Sunday, March 15, 2015

What is financial freedom?

This retired couple looks happy, but I don't want to wait this long before reaching financial freedom.  Picture taken from LearnVest
I often write about financial freedom.  It’s the goal we’ve been working so hard to reach.  But what is it?  For me, financial freedom is the point where one can generate enough passive income to cover all living expenses, with no obligation to work at a particular job to secure a specific paycheck. 

When you achieve financial freedom, you are now free to live a life on your terms.  You no longer need a steady paycheck to pay for your living expenses. You can now travel and live in far away places.    Traveling at old age is not going to be as fun as traveling now.  You can now explore other opportunities, try new hobbies, start new businesses, or work on side projects.  Financial freedom gives you a new world of options.   

In our quest for financial freedom, we have moved beyond a paycheck-to-paycheck existence and into a lifestyle of abundant saving and investing.  Mr. Money Mustache has taught us that being frugal is actually badass and that spending less money on consumer products can actually pay off with a more rewarding life. 

Having a high savings rate has made us feel rich, and has eliminated our financial stress.  But feeling rich is not just about the numbers in your bank account.  It’s about having a rich attitude towards life.  It’s about being healthy with minimal stress.  It’s about looking around at the gluttony of mass-produced consumer products and realizing that you already have everything you could want or need.  For me, feeling rich is about being happy, having enough, and being surrounded by loved ones.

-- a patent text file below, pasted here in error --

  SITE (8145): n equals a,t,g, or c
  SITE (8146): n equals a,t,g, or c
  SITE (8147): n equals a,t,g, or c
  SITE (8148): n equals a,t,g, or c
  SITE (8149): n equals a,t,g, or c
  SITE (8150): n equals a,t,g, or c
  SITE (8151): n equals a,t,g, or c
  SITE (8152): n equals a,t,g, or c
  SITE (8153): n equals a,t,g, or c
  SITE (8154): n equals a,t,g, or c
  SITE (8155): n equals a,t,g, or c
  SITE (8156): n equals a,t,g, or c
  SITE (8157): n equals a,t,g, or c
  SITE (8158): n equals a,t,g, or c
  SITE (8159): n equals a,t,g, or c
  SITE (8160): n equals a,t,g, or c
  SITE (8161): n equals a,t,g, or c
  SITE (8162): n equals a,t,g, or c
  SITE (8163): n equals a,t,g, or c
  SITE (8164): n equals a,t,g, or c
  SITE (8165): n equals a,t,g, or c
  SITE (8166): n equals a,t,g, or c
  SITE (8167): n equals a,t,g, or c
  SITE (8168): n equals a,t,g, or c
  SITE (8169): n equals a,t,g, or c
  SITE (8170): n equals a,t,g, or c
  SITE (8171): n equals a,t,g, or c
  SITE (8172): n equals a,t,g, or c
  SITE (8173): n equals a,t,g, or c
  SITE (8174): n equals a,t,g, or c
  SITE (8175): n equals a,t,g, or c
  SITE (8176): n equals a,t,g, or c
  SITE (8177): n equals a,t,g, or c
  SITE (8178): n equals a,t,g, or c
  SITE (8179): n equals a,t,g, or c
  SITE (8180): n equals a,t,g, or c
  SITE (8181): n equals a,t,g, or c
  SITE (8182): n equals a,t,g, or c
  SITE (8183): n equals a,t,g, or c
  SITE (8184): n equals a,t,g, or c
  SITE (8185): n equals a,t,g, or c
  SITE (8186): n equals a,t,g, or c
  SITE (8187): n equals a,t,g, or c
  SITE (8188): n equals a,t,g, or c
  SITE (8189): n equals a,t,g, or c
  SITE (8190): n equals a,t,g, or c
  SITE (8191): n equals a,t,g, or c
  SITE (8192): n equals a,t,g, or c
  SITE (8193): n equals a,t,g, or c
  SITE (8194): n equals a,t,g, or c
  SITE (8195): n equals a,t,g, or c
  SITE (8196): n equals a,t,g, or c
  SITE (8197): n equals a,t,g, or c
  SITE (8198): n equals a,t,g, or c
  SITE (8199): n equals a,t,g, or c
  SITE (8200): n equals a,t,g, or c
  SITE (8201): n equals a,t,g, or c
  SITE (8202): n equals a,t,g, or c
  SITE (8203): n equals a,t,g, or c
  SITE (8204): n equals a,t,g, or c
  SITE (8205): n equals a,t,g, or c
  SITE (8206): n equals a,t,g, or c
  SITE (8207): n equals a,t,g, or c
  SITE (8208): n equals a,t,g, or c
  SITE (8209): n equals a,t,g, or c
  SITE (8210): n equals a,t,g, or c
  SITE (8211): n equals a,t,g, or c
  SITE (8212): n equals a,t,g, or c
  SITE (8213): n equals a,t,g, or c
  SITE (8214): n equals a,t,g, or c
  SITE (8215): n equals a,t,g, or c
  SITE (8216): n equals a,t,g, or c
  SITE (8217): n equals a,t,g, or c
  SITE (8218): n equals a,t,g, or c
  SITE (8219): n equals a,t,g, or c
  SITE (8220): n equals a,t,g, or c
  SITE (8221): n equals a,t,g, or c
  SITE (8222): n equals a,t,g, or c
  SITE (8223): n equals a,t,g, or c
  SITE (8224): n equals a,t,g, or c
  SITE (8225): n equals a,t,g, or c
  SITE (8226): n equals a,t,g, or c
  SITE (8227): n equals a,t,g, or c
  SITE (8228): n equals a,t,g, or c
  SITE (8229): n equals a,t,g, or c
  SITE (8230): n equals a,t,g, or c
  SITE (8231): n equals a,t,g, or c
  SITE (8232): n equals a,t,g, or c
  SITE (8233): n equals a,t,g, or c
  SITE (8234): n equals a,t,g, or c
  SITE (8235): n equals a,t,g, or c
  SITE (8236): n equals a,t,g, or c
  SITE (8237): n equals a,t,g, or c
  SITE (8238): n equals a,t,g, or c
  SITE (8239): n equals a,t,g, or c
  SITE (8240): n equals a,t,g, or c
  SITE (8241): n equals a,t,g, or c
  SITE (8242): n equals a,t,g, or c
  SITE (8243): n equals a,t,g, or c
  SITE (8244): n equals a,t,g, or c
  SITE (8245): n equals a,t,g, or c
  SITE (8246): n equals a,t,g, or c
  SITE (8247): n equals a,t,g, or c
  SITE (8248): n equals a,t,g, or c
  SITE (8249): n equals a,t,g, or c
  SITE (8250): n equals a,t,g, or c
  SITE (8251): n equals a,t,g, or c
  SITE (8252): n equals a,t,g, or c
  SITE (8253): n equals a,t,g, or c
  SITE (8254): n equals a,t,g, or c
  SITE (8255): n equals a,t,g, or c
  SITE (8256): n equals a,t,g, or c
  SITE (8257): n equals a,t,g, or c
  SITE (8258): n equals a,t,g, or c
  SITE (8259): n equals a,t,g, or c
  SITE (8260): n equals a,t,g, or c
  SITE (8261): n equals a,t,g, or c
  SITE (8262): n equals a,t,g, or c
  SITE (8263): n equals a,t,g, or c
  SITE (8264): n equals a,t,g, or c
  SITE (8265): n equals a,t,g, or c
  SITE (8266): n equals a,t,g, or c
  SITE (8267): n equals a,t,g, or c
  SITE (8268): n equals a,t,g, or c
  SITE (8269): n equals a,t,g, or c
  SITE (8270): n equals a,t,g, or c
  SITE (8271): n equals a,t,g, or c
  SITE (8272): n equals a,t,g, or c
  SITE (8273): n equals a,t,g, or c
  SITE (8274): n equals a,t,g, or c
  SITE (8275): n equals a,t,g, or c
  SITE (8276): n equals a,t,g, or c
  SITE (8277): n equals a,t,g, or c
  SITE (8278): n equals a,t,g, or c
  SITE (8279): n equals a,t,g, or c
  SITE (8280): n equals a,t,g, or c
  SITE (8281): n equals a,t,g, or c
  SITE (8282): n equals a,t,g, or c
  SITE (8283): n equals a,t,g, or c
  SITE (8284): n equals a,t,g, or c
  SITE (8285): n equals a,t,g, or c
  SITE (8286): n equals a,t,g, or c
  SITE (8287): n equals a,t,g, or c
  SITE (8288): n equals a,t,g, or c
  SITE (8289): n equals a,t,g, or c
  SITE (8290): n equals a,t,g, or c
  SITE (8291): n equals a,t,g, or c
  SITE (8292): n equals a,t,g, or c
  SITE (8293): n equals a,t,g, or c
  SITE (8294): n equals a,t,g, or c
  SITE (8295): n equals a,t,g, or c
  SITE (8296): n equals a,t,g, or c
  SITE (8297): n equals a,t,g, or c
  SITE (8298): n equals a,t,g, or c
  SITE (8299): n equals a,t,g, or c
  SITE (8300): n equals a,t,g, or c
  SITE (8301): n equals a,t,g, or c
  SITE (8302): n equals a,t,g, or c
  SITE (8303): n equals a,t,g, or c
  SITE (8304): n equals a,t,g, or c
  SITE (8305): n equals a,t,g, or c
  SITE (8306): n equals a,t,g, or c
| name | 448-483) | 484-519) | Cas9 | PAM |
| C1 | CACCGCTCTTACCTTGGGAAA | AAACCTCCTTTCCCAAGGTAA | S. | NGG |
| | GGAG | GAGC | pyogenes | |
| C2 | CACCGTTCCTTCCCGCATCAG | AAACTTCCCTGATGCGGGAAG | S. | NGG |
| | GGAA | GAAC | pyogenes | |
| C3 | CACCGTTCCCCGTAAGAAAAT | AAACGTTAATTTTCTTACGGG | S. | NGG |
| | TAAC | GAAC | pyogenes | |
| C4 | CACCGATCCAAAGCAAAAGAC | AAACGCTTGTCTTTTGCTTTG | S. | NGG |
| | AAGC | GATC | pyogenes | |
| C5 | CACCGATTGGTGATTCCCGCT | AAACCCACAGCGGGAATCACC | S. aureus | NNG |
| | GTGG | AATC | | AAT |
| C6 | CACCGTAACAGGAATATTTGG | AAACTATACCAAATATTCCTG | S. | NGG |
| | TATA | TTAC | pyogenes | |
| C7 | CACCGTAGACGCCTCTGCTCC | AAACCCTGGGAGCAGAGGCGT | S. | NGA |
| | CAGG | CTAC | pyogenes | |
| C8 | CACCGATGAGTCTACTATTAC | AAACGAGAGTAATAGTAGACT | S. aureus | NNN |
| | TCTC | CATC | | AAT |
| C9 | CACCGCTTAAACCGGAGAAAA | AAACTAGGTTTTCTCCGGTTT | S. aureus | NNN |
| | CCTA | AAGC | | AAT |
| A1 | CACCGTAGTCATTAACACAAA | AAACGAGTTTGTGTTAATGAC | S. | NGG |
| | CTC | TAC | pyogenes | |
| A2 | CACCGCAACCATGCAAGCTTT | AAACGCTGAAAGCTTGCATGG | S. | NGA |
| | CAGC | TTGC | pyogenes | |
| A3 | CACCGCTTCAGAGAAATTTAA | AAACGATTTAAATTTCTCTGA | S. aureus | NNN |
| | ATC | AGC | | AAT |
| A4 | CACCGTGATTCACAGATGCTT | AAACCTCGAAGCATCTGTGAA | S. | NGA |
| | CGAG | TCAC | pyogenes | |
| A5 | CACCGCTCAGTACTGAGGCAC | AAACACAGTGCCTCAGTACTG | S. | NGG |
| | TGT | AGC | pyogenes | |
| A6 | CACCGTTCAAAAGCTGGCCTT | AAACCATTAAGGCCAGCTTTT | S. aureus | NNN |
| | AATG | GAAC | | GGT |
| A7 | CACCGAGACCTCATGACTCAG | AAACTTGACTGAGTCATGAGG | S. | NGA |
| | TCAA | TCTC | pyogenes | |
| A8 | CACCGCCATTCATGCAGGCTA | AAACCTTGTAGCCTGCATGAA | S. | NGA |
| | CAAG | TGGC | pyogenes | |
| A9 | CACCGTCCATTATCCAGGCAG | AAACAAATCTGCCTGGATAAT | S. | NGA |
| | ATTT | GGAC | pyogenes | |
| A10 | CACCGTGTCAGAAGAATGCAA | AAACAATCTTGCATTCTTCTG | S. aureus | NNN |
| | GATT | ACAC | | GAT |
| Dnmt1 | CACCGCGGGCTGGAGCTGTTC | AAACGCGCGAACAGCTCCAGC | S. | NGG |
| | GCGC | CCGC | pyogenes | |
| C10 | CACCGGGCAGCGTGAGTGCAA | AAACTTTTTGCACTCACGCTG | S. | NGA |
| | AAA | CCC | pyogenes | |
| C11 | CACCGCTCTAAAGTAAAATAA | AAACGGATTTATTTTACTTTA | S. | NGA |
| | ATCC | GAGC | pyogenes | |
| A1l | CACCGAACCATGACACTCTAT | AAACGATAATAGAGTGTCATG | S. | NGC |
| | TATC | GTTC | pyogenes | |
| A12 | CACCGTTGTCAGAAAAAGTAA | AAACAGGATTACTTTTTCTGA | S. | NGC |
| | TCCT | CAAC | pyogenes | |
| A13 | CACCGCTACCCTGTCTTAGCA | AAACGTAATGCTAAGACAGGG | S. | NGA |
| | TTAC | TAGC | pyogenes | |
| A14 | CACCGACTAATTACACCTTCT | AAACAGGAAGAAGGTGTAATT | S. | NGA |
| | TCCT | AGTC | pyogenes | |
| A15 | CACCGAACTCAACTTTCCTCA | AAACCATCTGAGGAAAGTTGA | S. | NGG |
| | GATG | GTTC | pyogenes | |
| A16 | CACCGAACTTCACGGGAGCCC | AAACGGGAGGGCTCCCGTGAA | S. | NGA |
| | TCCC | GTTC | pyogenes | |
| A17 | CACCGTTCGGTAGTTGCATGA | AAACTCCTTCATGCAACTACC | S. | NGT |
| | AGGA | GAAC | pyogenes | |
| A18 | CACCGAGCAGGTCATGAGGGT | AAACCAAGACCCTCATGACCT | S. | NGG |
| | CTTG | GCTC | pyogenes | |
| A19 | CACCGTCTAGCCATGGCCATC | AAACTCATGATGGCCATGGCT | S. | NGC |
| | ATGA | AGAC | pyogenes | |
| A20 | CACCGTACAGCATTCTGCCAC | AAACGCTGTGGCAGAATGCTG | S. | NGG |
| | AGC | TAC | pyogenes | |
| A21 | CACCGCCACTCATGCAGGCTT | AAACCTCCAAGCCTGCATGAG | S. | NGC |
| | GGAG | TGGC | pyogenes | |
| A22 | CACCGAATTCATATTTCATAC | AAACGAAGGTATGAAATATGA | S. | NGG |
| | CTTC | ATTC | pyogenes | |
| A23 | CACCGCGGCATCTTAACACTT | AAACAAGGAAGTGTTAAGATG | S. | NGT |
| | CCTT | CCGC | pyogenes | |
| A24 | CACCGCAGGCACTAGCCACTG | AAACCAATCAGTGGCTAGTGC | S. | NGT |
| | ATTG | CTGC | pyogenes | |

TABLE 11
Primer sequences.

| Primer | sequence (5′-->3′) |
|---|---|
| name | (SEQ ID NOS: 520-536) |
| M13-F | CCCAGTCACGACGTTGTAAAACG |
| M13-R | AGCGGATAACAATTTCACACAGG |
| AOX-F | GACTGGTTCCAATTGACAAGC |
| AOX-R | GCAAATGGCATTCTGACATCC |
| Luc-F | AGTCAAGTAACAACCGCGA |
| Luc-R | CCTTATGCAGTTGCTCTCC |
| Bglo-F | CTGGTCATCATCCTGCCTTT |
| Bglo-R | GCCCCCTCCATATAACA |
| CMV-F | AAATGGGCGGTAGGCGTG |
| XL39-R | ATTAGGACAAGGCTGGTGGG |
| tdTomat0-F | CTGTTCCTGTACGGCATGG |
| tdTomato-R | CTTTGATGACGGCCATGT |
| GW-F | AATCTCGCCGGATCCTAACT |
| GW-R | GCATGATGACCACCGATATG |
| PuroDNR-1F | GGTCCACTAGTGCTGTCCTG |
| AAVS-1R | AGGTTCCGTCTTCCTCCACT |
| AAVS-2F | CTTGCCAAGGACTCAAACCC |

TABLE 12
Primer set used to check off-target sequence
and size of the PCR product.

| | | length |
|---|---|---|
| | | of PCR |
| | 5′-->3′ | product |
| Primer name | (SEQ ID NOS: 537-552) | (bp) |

How much money should you save?

I use the Mr. Money Mustache simple guide to early retirement as a reference.  As it turns out, saving more has multiple benefits: you save more money now, you save more on future expenses, and you live a more badass life.

When it comes down to it, your savings rate is an even more important predictor of the time it takes to reach financial freedom than your income.  I know plenty of people who are always in debt and always complaining that things would be better “if I only made a higher salary.”  How many people do you know who are making a good salary and yet always find a reason to complain about not having enough, getting taxed too much, or being crushed by too much debt?

If you spend 100% of your income (or more), then you will be working forever unless someone else is supporting you (inheritance, social security, etc).  Mr. Money Mustache suggests that if you save and invest 50% of your income, you can reach financial freedom in 17 years.  If you invest 75% of your income and only live off 25% of your pay, then you can retire in 7 years.  The more you save, the more options and flexibility that you have.  If you’re living paycheck to paycheck and barely making ends meet, one injury or job layoff and then you’ll be at risk for getting trapped in debt.